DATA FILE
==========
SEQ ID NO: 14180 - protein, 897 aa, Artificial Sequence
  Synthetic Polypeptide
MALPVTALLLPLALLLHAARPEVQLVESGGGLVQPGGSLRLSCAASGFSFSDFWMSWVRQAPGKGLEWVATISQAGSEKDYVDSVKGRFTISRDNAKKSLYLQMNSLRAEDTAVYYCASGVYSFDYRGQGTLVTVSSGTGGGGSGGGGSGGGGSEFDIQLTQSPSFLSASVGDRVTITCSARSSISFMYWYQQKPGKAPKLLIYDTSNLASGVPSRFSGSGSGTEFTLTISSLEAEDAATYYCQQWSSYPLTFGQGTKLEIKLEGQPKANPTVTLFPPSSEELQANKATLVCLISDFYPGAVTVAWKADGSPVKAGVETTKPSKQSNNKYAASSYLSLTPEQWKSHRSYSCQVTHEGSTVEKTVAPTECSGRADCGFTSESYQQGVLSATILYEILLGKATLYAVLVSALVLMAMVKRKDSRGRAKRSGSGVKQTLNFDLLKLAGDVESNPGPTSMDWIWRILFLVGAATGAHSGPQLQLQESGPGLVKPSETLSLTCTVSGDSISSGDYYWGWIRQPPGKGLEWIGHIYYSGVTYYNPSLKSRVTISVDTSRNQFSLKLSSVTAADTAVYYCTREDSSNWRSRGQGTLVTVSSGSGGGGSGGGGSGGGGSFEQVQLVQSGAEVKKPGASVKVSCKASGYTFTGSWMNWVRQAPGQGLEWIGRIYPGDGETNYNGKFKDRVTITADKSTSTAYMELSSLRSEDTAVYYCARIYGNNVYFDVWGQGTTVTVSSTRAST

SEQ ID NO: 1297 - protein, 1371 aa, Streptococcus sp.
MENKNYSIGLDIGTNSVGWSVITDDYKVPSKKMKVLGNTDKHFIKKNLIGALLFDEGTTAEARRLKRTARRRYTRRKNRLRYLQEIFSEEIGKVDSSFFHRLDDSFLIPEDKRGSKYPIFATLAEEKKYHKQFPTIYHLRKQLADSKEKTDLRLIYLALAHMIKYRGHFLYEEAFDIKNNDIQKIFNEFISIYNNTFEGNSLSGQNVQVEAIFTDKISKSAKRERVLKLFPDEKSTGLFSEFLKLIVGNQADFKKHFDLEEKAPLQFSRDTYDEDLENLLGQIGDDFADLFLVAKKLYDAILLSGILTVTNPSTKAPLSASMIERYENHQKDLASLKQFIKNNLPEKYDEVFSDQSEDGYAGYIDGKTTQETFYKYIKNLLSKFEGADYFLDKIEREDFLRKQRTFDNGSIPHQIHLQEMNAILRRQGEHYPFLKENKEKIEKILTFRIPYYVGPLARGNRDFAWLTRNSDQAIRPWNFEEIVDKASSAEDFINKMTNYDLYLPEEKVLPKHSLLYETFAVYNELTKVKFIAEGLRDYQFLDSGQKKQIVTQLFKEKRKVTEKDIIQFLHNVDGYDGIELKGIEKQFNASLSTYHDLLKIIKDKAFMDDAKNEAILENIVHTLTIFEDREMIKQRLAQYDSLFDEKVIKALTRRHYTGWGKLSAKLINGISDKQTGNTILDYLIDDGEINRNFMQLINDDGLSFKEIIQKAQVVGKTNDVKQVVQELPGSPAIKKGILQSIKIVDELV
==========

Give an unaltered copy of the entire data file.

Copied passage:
SEQ ID NO: 14180 - protein, 897 aa, Artificial Sequence
  Synthetic Polypeptide
MALPVTALLLPLALLLHAARPEVQLVESGGGLVQPGGSLRLSCAASGFSFSDFWMSWVRQAPGKGLEWVATISQAGSEKDYVDSVKGRFTISRDNAKKSLYLQMNSLRAEDTAVYYCASGVYSFDYRGQGTLVTVSSGTGGGGSGGGGSGGGGSEFDIQLTQSPSFLSASVGDRVTITCSARSSISFMYWYQQKPGKAPKLLIYDTSNLASGVPSRFSGSGSGTEFTLTISSLEAEDAATYYCQQWSSYPLTFGQGTKLEIKLEGQPKANPTVTLFPPSSEELQANKATLVCLISDFYPGAVTVAWKADGSPVKAGVETTKPSKQSNNKYAASSYLSLTPEQWKSHRSYSCQVTHEGSTVEKTVAPTECSGRADCGFTSESYQQGVLSATILYEILLGKATLYAVLVSALVLMAMVKRKDSRGRAKRSGSGVKQTLNFDLLKLAGDVESNPGPTSMDWIWRILFLVGAATGAHSGPQLQLQESGPGLVKPSETLSLTCTVSGDSISSGDYYWGWIRQPPGKGLEWIGHIYYSGVTYYNPSLKSRVTISVDTSRNQFSLKLSSVTAADTAVYYCTREDSSNWRSRGQGTLVTVSSGSGGGGSGGGGSGGGGSFEQVQLVQSGAEVKKPGASVKVSCKASGYTFTGSWMNWVRQAPGQGLEWIGRIYPGDGETNYNGKFKDRVTITADKSTSTAYMELSSLRSEDTAVYYCARIYGNNVYFDVWGQGTTVTVSSTRAST

SEQ ID NO: 1297 - protein, 1371 aa, Streptococcus sp.
MENKNYSIGLDIGTNSVGWSVITDDYKVPSKKMKVLGNTDKHFIKKNLIGALLFDEGTTAEARRLKRTARRRYTRRKNRLRYLQEIFSEEIGKVDSSFFHRLDDSFLIPEDKRGSKYPIFATLAEEKKYHKQFPTIYHLRKQLADSKEKTDLRLIYLALAHMIKYRGHFLYEEAFDIKNNDIQKIFNEFISIYNNTFEGNSLSGQNVQVEAIFTDKISKSAKRERVLKLFPDEKSTGLFSEFLKLIVGNQADFKKHFDLEEKAPLQFSRDTYDEDLENLLGQIGDDFADLFLVAKKLYDAILLSGILTVTNPSTKAPLSASMIERYENHQKDLASLKQFIKNNLPEKYDEVFSDQSEDGYAGYIDGKTTQETFYKYIKNLLSKFEGADYFLDKIEREDFLRKQRTFDNGSIPHQIHLQEMNAILRRQGEHYPFLKENKEKIEKILTFRIPYYVGPLARGNRDFAWLTRNSDQAIRPWNFEEIVDKASSAEDFINKMTNYDLYLPEEKVLPKHSLLYETFAVYNELTKVKFIAEGLRDYQFLDSGQKKQIVTQLFKEKRKVTEKDIIQFLHNVDGYDGIELKGIEKQFNASLSTYHDLLKIIKDKAFMDDAKNEAILENIVHTLTIFEDREMIKQRLAQYDSLFDEKVIKALTRRHYTGWGKLSAKLINGISDKQTGNTILDYLIDDGEINRNFMQLINDDGLSFKEIIQKAQVVGKTNDVKQVVQELPGSPAIKKGILQSIKIVDELV